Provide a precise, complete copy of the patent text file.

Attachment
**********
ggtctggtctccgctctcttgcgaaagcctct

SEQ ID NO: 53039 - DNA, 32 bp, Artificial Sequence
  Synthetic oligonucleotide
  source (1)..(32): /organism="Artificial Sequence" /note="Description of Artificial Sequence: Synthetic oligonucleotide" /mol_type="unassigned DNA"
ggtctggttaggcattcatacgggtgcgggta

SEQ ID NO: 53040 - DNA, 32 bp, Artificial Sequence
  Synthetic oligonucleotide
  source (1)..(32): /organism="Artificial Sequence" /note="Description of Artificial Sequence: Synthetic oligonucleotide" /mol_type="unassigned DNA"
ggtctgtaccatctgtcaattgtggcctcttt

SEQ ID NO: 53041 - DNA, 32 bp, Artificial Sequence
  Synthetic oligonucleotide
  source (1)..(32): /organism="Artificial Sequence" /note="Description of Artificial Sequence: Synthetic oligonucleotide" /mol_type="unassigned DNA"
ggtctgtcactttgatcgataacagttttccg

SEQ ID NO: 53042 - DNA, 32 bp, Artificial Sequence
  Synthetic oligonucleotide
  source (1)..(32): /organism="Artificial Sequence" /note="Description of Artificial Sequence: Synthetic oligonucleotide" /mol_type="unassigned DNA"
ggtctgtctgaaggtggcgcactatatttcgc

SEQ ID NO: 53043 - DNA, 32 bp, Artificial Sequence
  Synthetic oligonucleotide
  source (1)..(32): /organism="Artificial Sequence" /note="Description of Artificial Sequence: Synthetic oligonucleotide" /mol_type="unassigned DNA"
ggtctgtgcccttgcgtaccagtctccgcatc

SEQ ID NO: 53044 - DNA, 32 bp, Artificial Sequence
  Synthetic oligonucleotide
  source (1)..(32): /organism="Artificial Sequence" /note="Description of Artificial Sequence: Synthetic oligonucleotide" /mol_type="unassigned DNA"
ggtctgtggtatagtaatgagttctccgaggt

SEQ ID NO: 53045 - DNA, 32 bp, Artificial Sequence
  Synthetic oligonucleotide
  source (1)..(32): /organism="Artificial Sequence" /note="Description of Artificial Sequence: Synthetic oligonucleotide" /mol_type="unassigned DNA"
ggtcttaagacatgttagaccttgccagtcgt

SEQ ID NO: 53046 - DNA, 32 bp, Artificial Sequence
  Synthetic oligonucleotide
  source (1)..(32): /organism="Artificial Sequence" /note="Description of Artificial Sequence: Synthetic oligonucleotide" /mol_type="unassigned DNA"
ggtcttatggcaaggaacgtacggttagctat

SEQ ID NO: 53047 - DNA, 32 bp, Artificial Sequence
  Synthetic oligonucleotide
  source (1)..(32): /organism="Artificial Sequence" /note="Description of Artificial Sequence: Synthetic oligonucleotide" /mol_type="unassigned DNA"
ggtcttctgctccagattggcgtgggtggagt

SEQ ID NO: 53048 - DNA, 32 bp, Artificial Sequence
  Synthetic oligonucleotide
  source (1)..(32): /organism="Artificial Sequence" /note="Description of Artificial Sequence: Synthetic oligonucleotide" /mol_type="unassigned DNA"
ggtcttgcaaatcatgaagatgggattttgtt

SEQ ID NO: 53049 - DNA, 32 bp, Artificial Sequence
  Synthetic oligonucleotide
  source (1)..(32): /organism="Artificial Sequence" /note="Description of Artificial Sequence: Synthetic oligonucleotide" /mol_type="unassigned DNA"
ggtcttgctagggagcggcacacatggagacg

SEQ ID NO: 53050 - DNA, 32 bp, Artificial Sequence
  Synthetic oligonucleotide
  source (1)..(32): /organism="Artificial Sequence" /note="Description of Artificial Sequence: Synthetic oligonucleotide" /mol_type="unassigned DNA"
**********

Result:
ggtctggtctccgctctcttgcgaaagcctct

SEQ ID NO: 53039 - DNA, 32 bp, Artificial Sequence
  Synthetic oligonucleotide
  source (1)..(32): /organism="Artificial Sequence" /note="Description of Artificial Sequence: Synthetic oligonucleotide" /mol_type="unassigned DNA"
ggtctggttaggcattcatacgggtgcgggta

SEQ ID NO: 53040 - DNA, 32 bp, Artificial Sequence
  Synthetic oligonucleotide
  source (1)..(32): /organism="Artificial Sequence" /note="Description of Artificial Sequence: Synthetic oligonucleotide" /mol_type="unassigned DNA"
ggtctgtaccatctgtcaattgtggcctcttt

SEQ ID NO: 53041 - DNA, 32 bp, Artificial Sequence
  Synthetic oligonucleotide
  source (1)..(32): /organism="Artificial Sequence" /note="Description of Artificial Sequence: Synthetic oligonucleotide" /mol_type="unassigned DNA"
ggtctgtcactttgatcgataacagttttccg

SEQ ID NO: 53042 - DNA, 32 bp, Artificial Sequence
  Synthetic oligonucleotide
  source (1)..(32): /organism="Artificial Sequence" /note="Description of Artificial Sequence: Synthetic oligonucleotide" /mol_type="unassigned DNA"
ggtctgtctgaaggtggcgcactatatttcgc

SEQ ID NO: 53043 - DNA, 32 bp, Artificial Sequence
  Synthetic oligonucleotide
  source (1)..(32): /organism="Artificial Sequence" /note="Description of Artificial Sequence: Synthetic oligonucleotide" /mol_type="unassigned DNA"
ggtctgtgcccttgcgtaccagtctccgcatc

SEQ ID NO: 53044 - DNA, 32 bp, Artificial Sequence
  Synthetic oligonucleotide
  source (1)..(32): /organism="Artificial Sequence" /note="Description of Artificial Sequence: Synthetic oligonucleotide" /mol_type="unassigned DNA"
ggtctgtggtatagtaatgagttctccgaggt

SEQ ID NO: 53045 - DNA, 32 bp, Artificial Sequence
  Synthetic oligonucleotide
  source (1)..(32): /organism="Artificial Sequence" /note="Description of Artificial Sequence: Synthetic oligonucleotide" /mol_type="unassigned DNA"
ggtcttaagacatgttagaccttgccagtcgt

SEQ ID NO: 53046 - DNA, 32 bp, Artificial Sequence
  Synthetic oligonucleotide
  source (1)..(32): /organism="Artificial Sequence" /note="Description of Artificial Sequence: Synthetic oligonucleotide" /mol_type="unassigned DNA"
ggtcttatggcaaggaacgtacggttagctat

SEQ ID NO: 53047 - DNA, 32 bp, Artificial Sequence
  Synthetic oligonucleotide
  source (1)..(32): /organism="Artificial Sequence" /note="Description of Artificial Sequence: Synthetic oligonucleotide" /mol_type="unassigned DNA"
ggtcttctgctccagattggcgtgggtggagt

SEQ ID NO: 53048 - DNA, 32 bp, Artificial Sequence
  Synthetic oligonucleotide
  source (1)..(32): /organism="Artificial Sequence" /note="Description of Artificial Sequence: Synthetic oligonucleotide" /mol_type="unassigned DNA"
ggtcttgcaaatcatgaagatgggattttgtt

SEQ ID NO: 53049 - DNA, 32 bp, Artificial Sequence
  Synthetic oligonucleotide
  source (1)..(32): /organism="Artificial Sequence" /note="Description of Artificial Sequence: Synthetic oligonucleotide" /mol_type="unassigned DNA"
ggtcttgctagggagcggcacacatggagacg

SEQ ID NO: 53050 - DNA, 32 bp, Artificial Sequence
  Synthetic oligonucleotide
  source (1)..(32): /organism="Artificial Sequence" /note="Description of Artificial Sequence: Synthetic oligonucleotide" /mol_type="unassigned DNA"